Startup Day 148

Until a couple weeks ago, I was like a dog chasing its tail. I was thinking of pivoting from a private pay model to a Third Party Payer model, replete with Channel Partners plus Users. That yielded three significant stakeholders that left my head spinning and progress impeded. Thankfully, an adviser who's been on this journey with me asked, "do you have evidence that the private pay model doesn't work?" Hmm, no, not really. He was right to ask the question and urge me to consider how to prove or disprove that model. So now I'm hunkering down for a more strategic approach to the private pay model, measuring impact and adjusting when necessary. I'm grateful for those who walk alongside me and have perspective to see things I overlook.

Startup Day 134

I've finally created a website and am now deep into creating a contact form, integrating with my Airtable database, and negotiating a downgrade with my hosting provider because I thought I was getting domain privacy protection. (Note: the US government has disabled privacy for .us domains.)

In short, it's unglamorous and unexciting but also stuff that's got to get done. I'm looking forward to when I can do more of the fun stuff like working directly with parents. We've also just launched a free membership to make it easier for parents to join us. Check out the options here.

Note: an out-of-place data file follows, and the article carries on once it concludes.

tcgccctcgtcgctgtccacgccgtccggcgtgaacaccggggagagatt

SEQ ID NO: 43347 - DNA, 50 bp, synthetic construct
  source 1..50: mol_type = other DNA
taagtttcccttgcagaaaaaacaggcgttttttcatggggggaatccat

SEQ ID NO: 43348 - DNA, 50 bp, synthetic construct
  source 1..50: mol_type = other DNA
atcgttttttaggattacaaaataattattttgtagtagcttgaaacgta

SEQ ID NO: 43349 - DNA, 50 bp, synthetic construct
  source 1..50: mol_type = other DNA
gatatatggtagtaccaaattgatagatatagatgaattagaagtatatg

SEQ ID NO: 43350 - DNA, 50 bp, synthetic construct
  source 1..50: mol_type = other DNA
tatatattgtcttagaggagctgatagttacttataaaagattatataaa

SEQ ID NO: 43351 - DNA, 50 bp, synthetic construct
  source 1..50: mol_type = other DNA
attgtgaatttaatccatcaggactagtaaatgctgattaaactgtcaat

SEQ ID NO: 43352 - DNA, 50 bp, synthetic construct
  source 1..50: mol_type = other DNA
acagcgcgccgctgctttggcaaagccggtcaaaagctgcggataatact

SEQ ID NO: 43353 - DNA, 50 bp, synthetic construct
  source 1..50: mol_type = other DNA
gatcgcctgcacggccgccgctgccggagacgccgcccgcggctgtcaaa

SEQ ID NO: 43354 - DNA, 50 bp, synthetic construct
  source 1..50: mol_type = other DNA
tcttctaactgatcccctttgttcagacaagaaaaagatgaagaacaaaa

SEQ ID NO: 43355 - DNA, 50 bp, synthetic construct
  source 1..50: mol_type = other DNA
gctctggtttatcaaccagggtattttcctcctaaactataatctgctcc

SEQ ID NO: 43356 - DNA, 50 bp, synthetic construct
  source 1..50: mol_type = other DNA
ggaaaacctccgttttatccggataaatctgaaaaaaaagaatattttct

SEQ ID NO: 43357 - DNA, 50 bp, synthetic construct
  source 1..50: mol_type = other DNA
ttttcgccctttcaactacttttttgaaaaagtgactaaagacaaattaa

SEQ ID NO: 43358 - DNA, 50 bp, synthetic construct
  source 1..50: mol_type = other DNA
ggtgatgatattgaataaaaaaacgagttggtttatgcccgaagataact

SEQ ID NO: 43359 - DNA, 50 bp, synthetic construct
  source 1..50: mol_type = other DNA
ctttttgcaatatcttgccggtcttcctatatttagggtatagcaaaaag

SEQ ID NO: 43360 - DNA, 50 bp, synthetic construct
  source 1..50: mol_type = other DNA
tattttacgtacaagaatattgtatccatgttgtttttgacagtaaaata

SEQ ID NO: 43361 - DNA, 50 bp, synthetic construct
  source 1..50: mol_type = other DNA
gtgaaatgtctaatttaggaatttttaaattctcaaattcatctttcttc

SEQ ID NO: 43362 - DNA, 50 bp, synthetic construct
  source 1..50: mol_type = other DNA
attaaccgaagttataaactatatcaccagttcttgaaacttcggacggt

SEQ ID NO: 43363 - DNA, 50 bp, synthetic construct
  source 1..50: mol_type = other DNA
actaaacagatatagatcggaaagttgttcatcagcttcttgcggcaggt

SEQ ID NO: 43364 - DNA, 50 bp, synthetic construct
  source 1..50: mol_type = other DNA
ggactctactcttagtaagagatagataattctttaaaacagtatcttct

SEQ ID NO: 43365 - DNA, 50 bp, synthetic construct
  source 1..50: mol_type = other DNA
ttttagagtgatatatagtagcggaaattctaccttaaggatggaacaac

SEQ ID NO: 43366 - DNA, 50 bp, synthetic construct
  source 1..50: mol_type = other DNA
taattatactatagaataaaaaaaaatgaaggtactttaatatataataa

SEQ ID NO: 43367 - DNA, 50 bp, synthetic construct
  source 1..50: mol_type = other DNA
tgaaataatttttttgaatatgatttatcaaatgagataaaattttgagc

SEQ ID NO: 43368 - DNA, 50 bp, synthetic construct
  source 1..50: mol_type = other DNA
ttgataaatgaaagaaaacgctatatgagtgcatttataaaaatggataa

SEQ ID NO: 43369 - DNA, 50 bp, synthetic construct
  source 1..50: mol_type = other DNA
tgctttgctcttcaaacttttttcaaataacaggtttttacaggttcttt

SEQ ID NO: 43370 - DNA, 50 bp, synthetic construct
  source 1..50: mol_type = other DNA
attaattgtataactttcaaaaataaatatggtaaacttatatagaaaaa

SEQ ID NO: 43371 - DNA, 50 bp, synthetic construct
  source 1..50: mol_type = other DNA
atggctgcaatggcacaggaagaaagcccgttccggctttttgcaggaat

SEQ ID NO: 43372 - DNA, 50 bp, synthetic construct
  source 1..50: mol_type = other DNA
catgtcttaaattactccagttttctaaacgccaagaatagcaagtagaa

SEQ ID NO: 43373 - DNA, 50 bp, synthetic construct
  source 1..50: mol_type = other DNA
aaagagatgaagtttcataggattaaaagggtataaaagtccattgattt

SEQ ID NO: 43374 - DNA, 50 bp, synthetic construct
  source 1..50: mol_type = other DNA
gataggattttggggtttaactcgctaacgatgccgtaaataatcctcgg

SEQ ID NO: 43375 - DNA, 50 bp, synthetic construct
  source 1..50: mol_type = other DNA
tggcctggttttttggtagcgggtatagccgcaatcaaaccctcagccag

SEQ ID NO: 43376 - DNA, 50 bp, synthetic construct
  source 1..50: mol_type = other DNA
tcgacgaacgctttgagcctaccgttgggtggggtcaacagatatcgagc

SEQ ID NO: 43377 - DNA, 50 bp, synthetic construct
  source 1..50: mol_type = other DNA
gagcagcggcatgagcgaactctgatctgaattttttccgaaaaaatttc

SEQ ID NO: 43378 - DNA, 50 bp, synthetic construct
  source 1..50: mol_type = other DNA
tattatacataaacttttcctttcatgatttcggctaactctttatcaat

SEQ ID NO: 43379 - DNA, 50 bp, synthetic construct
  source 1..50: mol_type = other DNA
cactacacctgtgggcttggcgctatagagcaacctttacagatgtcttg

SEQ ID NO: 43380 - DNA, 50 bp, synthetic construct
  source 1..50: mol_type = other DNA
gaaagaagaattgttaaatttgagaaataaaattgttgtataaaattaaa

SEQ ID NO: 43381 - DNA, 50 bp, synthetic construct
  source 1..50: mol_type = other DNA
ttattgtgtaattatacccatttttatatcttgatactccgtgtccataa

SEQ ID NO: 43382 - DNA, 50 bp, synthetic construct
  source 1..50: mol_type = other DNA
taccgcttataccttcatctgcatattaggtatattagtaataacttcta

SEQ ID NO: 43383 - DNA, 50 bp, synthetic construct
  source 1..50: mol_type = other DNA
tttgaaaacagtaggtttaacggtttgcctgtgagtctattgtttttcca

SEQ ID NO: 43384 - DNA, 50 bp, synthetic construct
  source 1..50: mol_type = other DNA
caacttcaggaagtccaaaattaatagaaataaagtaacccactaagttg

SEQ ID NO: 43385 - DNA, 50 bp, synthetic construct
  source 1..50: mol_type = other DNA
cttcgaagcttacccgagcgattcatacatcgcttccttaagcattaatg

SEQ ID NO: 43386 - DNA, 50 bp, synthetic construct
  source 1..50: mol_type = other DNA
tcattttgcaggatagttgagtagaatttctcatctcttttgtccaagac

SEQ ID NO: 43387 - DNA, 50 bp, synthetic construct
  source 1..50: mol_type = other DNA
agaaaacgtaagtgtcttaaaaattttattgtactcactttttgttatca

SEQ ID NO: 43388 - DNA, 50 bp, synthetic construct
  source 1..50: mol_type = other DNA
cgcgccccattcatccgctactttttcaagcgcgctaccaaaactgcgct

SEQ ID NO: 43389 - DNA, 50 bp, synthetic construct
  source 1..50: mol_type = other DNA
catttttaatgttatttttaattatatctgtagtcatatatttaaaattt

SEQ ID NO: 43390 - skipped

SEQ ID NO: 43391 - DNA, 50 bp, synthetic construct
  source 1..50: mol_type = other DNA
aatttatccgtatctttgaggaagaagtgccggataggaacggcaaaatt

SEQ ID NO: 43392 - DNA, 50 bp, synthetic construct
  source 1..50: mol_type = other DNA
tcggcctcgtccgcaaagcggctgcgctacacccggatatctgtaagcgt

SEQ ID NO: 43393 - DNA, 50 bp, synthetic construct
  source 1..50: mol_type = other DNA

Startup Day 128

I began today thinking, "I've been at this for a THIRD of a year and I'm still struggling with product/market fit!" Then I read this gem from Rahul Vohra, founder and CEO of Superhuman.

"Investors advising early-stage teams should avoid pushing for growth ahead of product/market fit. As an industry, we all know that this ends in disaster, yet the pressure for premature growth is still all too common. Startups need time and space to find their fit and launch the right way."

It's better to engage in this struggle now rather than when I've grown something that doesn't really fit the market. To read Vohra's full post, click here.

Startup Day 119

Something I'm wrestling with is what working as a founder looks like. I spoke with an investor last week who recalls 80 hour workweeks when she launched her startup. Then she referenced the transient stage of young children like mine. Was she implying I ought not go all-out in this phase of parenting?